He was a retired NBA superstar and took the stage to a huge round of applause.  It was exciting and I was jazzed. I love studying other speakers with the evil intent of stealing as much as possible.  I had my sketch pad ready and we were off to the races, or so I thought. In my notes, I wrote, what is he talking about?  What is the message? I had ten different ideas on what the purpose of the talk was, but even as he ended, I had no idea. It was a classic scatter-shooting, shotgun approach to content.  He had the public speaking chops, but the heart of the message was hidden in fluff. There was no real purpose to the presentation.

In 1974 we sent the first radio wave message into space.  It was called The Arecibo Interstellar Message. Its design and message were INTENTIONAL, PURPOSEFUL and SIMPLE – “we are here.”  Just in case anyone is looking, “we are here.” In a simple visual form it looked like this:

 

 

On November 4th of this year, a bunch of smart guys at MIT had a better idea.  If the core of the message is just “we are here” you should use lasers.  “If extraterrestrial life exists (see the Fermi Paradox – https://www.space.com/25325-fermi-paradox.html ) somewhere in our galaxy, we should use laser technology.  We can create a celestial front porch light.”

 

 

They knew what the purpose of the communication was.  They created their projects with a purpose at the core of their design.  The purpose of a message is at the heart of a great presentation.  What is the core message? Define it and embrace the message in a story and you have the fundamental beginnings of a well- crafted presentation.

Stage presentations, like stories, have a definable beginning, middle, and end, but without knowing the real and true message, the actual purpose of your actions, you may as well fire a shotgun and see where the pellets land.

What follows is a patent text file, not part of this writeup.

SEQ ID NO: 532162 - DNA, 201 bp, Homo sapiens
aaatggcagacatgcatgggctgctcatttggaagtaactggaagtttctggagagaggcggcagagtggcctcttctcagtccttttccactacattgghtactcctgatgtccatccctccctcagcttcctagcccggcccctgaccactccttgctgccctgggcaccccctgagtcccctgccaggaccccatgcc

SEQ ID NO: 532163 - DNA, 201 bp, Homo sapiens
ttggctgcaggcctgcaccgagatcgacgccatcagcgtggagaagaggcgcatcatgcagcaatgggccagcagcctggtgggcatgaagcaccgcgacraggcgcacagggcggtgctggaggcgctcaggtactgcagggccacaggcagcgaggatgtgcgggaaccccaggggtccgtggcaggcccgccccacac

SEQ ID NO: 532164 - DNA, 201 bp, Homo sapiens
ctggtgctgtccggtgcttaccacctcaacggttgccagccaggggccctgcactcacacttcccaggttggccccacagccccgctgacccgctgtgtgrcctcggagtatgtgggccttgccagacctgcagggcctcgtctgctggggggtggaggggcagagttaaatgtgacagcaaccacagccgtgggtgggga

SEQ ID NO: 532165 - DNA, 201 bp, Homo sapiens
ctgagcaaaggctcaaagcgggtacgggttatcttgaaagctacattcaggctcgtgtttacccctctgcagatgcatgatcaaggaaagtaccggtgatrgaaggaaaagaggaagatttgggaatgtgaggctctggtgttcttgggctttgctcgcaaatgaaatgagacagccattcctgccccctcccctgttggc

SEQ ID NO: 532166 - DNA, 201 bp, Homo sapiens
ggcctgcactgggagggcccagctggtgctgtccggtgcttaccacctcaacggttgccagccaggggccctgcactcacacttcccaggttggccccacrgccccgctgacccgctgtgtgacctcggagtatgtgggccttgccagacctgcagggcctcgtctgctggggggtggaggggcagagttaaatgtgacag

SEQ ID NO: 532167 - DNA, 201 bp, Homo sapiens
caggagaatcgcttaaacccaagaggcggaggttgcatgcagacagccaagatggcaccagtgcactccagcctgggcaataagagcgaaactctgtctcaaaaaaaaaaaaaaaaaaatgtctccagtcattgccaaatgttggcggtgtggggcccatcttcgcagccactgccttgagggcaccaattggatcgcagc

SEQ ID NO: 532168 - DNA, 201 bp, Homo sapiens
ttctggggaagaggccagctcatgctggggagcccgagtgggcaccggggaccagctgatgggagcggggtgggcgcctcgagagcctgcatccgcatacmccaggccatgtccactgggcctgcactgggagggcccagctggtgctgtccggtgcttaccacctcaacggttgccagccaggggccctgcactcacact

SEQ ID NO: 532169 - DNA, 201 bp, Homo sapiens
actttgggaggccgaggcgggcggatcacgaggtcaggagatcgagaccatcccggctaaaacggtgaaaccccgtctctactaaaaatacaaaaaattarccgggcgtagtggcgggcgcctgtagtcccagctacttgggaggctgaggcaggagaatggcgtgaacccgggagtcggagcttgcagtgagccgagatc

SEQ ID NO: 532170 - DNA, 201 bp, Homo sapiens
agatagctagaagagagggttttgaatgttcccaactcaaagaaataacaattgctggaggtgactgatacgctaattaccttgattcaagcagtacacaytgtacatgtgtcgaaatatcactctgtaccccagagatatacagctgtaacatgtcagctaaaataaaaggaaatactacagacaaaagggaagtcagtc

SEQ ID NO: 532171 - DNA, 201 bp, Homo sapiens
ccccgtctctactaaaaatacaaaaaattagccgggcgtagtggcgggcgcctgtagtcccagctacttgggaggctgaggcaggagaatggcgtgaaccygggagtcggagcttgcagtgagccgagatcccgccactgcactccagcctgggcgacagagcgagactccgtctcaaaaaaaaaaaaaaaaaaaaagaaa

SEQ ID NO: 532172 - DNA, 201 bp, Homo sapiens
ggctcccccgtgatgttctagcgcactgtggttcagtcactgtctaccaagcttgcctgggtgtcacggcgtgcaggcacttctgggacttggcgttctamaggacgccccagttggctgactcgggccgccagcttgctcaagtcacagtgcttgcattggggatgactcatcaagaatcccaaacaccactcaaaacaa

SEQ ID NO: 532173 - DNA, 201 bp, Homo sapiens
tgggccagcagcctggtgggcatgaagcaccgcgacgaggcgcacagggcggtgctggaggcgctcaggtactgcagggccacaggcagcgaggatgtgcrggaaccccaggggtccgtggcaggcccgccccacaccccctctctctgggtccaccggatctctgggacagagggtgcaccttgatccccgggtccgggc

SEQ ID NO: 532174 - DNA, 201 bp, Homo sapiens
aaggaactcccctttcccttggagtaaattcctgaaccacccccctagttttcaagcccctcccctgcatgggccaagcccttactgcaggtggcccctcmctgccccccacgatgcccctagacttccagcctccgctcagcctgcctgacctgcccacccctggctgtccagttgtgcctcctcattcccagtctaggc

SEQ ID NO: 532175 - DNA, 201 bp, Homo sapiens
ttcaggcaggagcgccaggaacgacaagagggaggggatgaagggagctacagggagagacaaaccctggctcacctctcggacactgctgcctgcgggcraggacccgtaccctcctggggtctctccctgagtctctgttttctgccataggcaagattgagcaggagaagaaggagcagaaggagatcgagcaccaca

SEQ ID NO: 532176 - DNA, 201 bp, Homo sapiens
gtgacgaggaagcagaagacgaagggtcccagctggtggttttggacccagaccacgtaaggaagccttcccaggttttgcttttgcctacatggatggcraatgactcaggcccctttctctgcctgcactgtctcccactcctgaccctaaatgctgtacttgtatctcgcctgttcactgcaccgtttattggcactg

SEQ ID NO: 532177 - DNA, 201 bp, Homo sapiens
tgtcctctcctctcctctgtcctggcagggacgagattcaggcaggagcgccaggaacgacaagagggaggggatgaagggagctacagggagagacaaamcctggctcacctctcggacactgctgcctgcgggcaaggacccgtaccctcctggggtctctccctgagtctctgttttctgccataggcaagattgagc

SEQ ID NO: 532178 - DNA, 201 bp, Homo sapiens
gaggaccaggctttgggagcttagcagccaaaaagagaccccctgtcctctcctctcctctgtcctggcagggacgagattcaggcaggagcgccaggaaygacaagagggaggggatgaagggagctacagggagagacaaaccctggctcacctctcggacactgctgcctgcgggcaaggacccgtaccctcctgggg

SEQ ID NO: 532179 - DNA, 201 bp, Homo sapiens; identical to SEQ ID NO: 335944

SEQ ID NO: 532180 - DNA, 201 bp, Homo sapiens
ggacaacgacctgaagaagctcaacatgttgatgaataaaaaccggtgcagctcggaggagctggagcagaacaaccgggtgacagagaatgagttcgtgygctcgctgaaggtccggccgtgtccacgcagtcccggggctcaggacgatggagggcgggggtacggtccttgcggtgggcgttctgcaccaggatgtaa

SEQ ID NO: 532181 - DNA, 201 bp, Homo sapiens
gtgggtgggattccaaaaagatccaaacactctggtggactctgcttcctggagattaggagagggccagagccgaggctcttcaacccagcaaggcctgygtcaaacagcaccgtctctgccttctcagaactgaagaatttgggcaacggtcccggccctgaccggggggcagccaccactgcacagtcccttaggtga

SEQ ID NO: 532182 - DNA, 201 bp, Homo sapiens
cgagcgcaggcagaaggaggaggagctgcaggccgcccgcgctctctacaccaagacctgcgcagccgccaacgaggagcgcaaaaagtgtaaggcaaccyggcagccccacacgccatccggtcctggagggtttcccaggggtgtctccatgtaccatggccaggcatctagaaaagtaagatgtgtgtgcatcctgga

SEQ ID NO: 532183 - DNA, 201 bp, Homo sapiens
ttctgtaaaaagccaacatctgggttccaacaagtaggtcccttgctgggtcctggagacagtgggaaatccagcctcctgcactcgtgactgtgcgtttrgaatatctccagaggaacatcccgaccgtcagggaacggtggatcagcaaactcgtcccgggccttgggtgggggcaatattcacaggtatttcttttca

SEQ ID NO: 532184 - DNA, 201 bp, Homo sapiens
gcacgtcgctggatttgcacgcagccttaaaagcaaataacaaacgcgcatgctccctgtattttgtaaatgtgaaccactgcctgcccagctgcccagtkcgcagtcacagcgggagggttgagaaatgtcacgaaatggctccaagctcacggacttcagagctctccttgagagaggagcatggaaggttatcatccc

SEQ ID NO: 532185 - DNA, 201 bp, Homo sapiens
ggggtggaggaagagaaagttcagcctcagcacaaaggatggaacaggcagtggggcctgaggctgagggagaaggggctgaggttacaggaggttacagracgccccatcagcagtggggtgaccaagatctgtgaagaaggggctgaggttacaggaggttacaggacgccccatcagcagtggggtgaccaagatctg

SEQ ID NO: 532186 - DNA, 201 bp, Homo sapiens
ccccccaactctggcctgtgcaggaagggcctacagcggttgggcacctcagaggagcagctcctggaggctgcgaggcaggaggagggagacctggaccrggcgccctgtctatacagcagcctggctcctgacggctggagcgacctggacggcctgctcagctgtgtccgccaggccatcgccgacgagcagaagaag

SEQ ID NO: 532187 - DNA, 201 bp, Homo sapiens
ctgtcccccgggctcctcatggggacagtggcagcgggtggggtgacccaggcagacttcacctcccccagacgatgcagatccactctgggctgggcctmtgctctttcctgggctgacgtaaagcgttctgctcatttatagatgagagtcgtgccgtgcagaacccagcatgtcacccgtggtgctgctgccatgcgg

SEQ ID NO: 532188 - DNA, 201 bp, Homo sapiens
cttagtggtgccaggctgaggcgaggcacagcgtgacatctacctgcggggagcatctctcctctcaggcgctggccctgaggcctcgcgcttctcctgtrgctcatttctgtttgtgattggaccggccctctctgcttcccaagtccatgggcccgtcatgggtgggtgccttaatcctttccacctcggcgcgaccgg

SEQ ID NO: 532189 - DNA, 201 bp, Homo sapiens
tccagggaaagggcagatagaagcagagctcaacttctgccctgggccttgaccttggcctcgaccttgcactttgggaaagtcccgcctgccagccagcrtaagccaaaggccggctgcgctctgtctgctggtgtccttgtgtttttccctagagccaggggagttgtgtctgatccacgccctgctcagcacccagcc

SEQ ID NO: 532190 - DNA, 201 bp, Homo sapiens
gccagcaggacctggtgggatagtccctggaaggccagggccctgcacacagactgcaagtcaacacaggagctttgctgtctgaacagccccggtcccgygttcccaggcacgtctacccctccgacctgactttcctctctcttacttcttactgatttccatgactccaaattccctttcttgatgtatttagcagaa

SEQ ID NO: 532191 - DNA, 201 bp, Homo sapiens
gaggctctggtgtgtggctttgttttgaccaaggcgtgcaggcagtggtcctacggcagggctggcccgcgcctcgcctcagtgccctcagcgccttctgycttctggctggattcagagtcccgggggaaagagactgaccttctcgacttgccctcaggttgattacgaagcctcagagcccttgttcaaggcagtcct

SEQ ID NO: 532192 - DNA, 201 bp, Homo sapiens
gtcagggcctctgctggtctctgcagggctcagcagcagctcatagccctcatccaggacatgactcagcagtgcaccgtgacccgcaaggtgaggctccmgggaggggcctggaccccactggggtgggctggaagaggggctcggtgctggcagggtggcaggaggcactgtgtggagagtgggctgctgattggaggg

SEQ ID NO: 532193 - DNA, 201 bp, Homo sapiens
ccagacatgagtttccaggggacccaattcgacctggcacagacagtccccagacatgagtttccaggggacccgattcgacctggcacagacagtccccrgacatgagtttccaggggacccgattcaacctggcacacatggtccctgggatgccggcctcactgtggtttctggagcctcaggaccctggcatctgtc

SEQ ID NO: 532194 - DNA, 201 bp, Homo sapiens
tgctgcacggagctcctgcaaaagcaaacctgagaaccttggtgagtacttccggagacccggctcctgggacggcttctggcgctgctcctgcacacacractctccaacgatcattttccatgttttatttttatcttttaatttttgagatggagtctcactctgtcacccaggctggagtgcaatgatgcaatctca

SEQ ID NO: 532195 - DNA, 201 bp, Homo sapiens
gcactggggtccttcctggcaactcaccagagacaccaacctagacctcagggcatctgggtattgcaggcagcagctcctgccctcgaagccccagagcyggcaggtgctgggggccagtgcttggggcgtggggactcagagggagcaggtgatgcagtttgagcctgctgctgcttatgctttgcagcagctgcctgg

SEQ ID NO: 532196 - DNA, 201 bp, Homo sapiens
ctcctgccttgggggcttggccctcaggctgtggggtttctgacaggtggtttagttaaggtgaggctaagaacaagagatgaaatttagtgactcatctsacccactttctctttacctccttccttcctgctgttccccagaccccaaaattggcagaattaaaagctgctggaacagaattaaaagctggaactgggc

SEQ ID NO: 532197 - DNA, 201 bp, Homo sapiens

Simple Things

Chaos is inherent in all compunded things. Strive on with diligence.

-Buddha

I opened one of the cupboards in my office and looked in with disbelief – it was a chaotic mess.  Impossible!  I had just cleaned all of these out, what, maybe a week ago.  OK, maybe a month ago.  How in the heck had they returned to their cluttered state?

I knew the answer.  We spend almost 80% of our client project time around the idea of simplicity.  I have spent 32 years committed to its strategic impact, so I knew exactly what happened  –   THE CREEP.

 


Keeping an Eye on the Creep

Simplicity is about a small sense of order, not a big one. The universe fights against big order, but you can get away with the success of small order.

 

 

Simplicity needs a rather constant level of attention.  If you pass off keeping the simplicity train on track, THE CREEP will step right in. THE CREEP loves and thrives on a lack of attention.  One of the favorite homes of THE CREEP is your garage.  You spend an entire weekend cleaning out all the junk that had a gravitational attraction to the garage.  You stand with hands on hips with a triumphant smile on your face.  You conquered the black hole of order.  A month later, with tears streaming down your face you cannot comprehend how the whole damn mess has returned.

THE CREEP is the creator of operational complexity.  It gives birth to bottlenecks and backward thinking that stops your forward momentum and leaves you asking, “How did this happen?”  Given an empty space, THE CREEP looks to fill it.

 


Simplicity Requires Attention

During a recent project where we were working with a client to simplify their client experience, this happened; he said, “Despite the success of our simplicity work, we just let it get away from us and started adding stuff until we were right back where we started.”  THE CREEP.